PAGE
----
Our three-year-old son is at a stage where he talks prolifically, but still a little “Dutchy” according to his great-grandma. This leads to inevitable communication issues with adults.
This communication gap was the source of great concern for my wife and I recently as he tried to describe for us the hole in the carpet made by a spark from the fireplace this winter. In his mind, this “hole” made from the “ash” was noteworthy enough to enunciate repeatedly in a very unfortunate word arrangement that, when combined with his three-year old dialect, sounded quite troubling. Not knowing what he was trying to describe, my wife and I exchanged a few worried glances after our son repeated the very crass-sounding phrase several times before I stopped him. I asked, “Do you mean the hole made by the ash in the carpet?”
“That’s ‘zactly what I’m talkin’ bout daddy, an ash hole.”
The communication misinterpretation can go both ways though. My son was helping my wife make a Bundt cake using a like-named pan. He asked about the pan and responded: “A butt pan? Is that potty talk?”
These communication challenges are not limited to conversations between little kids and adults, though. As some of us at the office get a bit older, we are noticing that the interns we hire communicate a bit differently too. Here, I need to mention, that we have cream-of-the-crop interns who are extremely hard working and talented, though they do communicate in a vastly different way than I did in college (and really, I am not THAT old).
Jessica Shanahan, who worked with us through the winter and still does some writing, turns to Twitter for her news and information first thing in the morning and on bus rides in between classes. She never looks at newsprint.
Instead of writing a note or talking on the phone, college students text and use social media for instant communication. And they use social media other than Facebook. If their grandma uses it, they are not using it to communicate with their friends. If their grandma did use their preferred social media, she probably would not be able to understand what they were talking about anyway.
Another current (and very talented) intern working for us is Stacie Seger, who is a student at OSU.
“I think people my age are quick to text and grab information from the Internet, but are slow to call or really engage in conversations,” she said. “I think my generation is more trusting about the information we find on Internet, whereas people older than me seem to research into a topic a little more. We like things short and sweet; we won’t read something longer than 150 words.”
Stacie gets her news from Twitter and a CNN app on her phone that provide to-the-point information.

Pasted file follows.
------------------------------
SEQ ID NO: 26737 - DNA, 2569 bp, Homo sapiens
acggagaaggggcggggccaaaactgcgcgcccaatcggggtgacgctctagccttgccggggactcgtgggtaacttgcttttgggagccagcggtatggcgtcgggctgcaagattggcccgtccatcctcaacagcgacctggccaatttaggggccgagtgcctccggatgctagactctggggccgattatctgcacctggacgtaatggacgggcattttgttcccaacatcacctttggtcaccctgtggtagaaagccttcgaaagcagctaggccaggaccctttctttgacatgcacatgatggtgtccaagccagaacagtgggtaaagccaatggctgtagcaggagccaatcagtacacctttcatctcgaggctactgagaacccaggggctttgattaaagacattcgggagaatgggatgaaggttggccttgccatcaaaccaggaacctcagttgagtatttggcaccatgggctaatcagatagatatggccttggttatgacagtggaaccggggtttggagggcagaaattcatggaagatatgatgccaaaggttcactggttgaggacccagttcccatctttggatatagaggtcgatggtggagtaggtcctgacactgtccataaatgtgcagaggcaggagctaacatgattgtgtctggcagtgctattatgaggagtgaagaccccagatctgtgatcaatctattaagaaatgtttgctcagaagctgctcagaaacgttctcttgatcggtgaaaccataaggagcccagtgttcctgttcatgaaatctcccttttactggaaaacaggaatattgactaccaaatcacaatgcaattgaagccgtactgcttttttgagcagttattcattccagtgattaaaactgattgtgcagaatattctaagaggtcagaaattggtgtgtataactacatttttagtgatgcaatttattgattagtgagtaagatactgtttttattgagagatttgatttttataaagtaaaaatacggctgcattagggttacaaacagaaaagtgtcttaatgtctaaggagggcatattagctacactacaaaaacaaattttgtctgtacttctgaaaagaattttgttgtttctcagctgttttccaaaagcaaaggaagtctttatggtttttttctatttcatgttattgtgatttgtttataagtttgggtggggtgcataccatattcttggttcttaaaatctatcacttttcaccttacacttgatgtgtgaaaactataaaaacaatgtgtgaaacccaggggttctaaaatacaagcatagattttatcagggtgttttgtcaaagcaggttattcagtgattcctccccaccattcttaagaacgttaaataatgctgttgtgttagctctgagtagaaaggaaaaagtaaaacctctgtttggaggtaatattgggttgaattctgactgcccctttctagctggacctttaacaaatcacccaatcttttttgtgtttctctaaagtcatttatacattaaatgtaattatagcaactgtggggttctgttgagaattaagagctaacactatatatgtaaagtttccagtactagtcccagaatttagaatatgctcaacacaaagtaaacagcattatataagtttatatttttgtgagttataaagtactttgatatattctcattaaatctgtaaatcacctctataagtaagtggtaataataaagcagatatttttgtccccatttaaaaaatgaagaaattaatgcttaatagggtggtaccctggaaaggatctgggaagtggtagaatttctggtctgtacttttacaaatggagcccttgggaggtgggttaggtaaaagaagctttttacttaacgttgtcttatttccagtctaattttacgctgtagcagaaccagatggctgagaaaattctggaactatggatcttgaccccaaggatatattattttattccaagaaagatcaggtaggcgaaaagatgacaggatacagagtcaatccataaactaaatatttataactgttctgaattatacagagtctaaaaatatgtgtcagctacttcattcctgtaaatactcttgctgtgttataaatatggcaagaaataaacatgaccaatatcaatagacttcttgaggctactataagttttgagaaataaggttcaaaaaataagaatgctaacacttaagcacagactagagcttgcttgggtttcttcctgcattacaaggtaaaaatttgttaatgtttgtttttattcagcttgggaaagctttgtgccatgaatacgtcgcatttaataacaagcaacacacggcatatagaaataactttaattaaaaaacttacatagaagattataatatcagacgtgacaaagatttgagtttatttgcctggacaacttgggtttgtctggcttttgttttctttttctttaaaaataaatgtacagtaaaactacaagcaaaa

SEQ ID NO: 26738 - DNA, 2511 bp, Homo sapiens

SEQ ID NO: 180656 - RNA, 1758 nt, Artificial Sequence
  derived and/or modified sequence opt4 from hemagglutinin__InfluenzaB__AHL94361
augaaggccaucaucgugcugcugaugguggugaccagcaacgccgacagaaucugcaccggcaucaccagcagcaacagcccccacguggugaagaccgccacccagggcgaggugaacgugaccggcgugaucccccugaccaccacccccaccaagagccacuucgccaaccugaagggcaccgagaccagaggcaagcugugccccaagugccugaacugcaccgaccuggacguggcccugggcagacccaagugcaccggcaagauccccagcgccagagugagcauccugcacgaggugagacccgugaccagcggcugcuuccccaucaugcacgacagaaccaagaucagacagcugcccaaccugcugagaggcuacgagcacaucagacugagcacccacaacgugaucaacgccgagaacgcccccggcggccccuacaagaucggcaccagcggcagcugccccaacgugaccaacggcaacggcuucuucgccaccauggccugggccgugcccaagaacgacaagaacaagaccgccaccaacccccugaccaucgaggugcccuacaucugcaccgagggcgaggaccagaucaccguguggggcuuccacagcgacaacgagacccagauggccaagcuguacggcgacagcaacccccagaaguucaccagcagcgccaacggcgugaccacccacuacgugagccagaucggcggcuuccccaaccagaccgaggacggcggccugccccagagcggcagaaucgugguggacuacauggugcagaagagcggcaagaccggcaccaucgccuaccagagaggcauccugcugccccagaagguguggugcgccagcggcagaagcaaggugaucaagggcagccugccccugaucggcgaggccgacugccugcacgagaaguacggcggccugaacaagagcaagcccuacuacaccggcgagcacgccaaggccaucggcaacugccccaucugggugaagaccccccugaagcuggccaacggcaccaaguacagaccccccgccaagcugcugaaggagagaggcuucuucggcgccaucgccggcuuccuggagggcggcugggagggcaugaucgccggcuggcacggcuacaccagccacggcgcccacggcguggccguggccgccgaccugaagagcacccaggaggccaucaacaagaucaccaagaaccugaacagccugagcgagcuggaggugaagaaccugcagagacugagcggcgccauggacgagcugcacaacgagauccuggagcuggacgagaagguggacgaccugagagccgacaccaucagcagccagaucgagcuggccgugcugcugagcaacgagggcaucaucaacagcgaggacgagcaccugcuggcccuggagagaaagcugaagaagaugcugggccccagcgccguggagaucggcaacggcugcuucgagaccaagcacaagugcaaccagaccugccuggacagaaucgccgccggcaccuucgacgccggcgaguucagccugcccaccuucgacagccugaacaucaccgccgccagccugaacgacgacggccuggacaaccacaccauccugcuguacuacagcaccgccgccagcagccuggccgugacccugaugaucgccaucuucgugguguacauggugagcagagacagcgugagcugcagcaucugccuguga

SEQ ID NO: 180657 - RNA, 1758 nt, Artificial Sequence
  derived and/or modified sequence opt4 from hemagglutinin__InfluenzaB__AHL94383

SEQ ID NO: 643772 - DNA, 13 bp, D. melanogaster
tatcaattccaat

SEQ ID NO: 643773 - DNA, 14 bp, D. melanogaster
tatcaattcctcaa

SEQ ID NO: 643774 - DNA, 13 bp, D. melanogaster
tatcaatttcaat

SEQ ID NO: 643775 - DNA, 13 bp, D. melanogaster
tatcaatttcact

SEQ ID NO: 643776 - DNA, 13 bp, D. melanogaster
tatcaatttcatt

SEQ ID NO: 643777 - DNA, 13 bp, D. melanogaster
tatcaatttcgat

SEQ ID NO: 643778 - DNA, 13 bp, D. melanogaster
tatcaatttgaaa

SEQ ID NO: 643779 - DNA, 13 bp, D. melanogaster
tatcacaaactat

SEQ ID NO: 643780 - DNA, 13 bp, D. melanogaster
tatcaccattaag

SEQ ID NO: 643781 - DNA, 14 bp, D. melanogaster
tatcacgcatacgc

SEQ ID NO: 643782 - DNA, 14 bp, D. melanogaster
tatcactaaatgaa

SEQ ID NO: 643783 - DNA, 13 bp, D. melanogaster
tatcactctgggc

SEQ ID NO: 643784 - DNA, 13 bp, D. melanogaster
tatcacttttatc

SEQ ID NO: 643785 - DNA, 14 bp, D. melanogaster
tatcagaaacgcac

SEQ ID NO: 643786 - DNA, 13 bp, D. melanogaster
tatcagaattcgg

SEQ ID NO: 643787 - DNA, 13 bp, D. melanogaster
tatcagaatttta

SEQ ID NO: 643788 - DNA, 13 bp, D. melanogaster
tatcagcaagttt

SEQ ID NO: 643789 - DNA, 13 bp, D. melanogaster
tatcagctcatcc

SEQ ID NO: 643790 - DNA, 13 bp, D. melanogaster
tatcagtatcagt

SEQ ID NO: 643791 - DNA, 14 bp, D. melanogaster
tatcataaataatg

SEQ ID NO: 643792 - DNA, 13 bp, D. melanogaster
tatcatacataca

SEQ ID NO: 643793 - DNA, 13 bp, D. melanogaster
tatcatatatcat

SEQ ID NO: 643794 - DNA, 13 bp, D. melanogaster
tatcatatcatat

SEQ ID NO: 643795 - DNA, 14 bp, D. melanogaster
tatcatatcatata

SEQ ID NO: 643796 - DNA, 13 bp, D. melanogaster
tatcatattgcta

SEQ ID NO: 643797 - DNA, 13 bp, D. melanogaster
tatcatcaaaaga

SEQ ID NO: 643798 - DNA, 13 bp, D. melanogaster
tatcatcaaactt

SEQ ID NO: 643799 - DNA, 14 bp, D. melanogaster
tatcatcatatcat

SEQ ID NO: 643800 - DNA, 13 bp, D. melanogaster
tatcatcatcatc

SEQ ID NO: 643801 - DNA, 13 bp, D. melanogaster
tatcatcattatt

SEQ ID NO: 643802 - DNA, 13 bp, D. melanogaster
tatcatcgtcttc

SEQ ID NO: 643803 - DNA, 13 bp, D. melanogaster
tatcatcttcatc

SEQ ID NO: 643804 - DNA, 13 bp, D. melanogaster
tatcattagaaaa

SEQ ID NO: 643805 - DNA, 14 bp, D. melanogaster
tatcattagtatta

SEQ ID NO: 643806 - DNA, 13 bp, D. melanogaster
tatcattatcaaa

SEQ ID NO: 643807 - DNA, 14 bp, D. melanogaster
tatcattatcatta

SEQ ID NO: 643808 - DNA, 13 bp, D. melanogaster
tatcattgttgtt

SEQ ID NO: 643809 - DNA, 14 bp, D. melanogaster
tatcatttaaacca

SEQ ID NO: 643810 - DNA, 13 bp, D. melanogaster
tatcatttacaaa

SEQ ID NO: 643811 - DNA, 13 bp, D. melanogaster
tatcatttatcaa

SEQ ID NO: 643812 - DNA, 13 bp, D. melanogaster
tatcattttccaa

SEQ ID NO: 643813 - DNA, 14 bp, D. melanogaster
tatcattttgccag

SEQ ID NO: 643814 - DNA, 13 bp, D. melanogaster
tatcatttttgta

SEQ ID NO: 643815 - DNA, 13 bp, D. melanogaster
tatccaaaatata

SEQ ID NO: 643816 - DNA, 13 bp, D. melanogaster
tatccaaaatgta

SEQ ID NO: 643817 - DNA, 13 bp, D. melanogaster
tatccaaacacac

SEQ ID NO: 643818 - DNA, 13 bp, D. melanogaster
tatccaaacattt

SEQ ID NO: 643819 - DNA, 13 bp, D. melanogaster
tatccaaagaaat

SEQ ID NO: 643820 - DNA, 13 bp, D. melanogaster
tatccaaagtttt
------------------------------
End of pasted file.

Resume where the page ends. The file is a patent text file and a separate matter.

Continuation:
“We don’t want a lot of fluff. Just tell it like it is,” Seger said. “We run our lives off smart phones, so any source of media needs to work on a smartphone. I also think ag needs to do more videos. We love to watch short videos.”
New social media forums including Snapchat, Google+, LinkedIn and others keep us in the communication business guessing all of the time. What is the best way to communicate with farmers? What is the best way to communicate with consumers? How do we meet the needs of multiple generations with our media? What do you think? We have these debates in our office on a regular basis to try and best serve you (and everyone else we work with).
With all of these questions in mind, the group of Ohio Farm Bureau interns working on the Land and Living Display for the upcoming Ohio State Fair this year in the Ag and Hort Building is taking a new approach with portions of the display to reach fairgoers in different ways in hopes of more effectively reaching them with agricultural messages. Ian Adams, Kelly Fager, and Kelly Guthrie, the interns for the Ohio Farm Bureau Federation Land and Living Exhibit, plan on using traditional print and photographs, while also incorporating video, Facebook, and Twitter to appeal to younger generations. They will also be relying on good, old-fashioned person-to-person interaction from staff members who are well versed on agricultural issues. This interaction will be facilitated through demonstrations, displays, presentations and staff members just being on hand to answer agricultural questions for the older generations. An increase in hands-on activities is designed to appeal to the youngest fair visitors.
This approach of targeting different demographics in in different ways, with the same goal of educating them about agriculture, has merit well beyond the Ohio State Fair. In many ways, the communications errors of agriculture’s past continue to threaten its future. Understanding how to best bridge generational communication gaps will be one component of addressing some of these issues.
It will take some work, but with the proper strategy, tools and understanding, the communication challenges ahead for agriculture can be opportunities, rather than just a pain in the “butt pan.”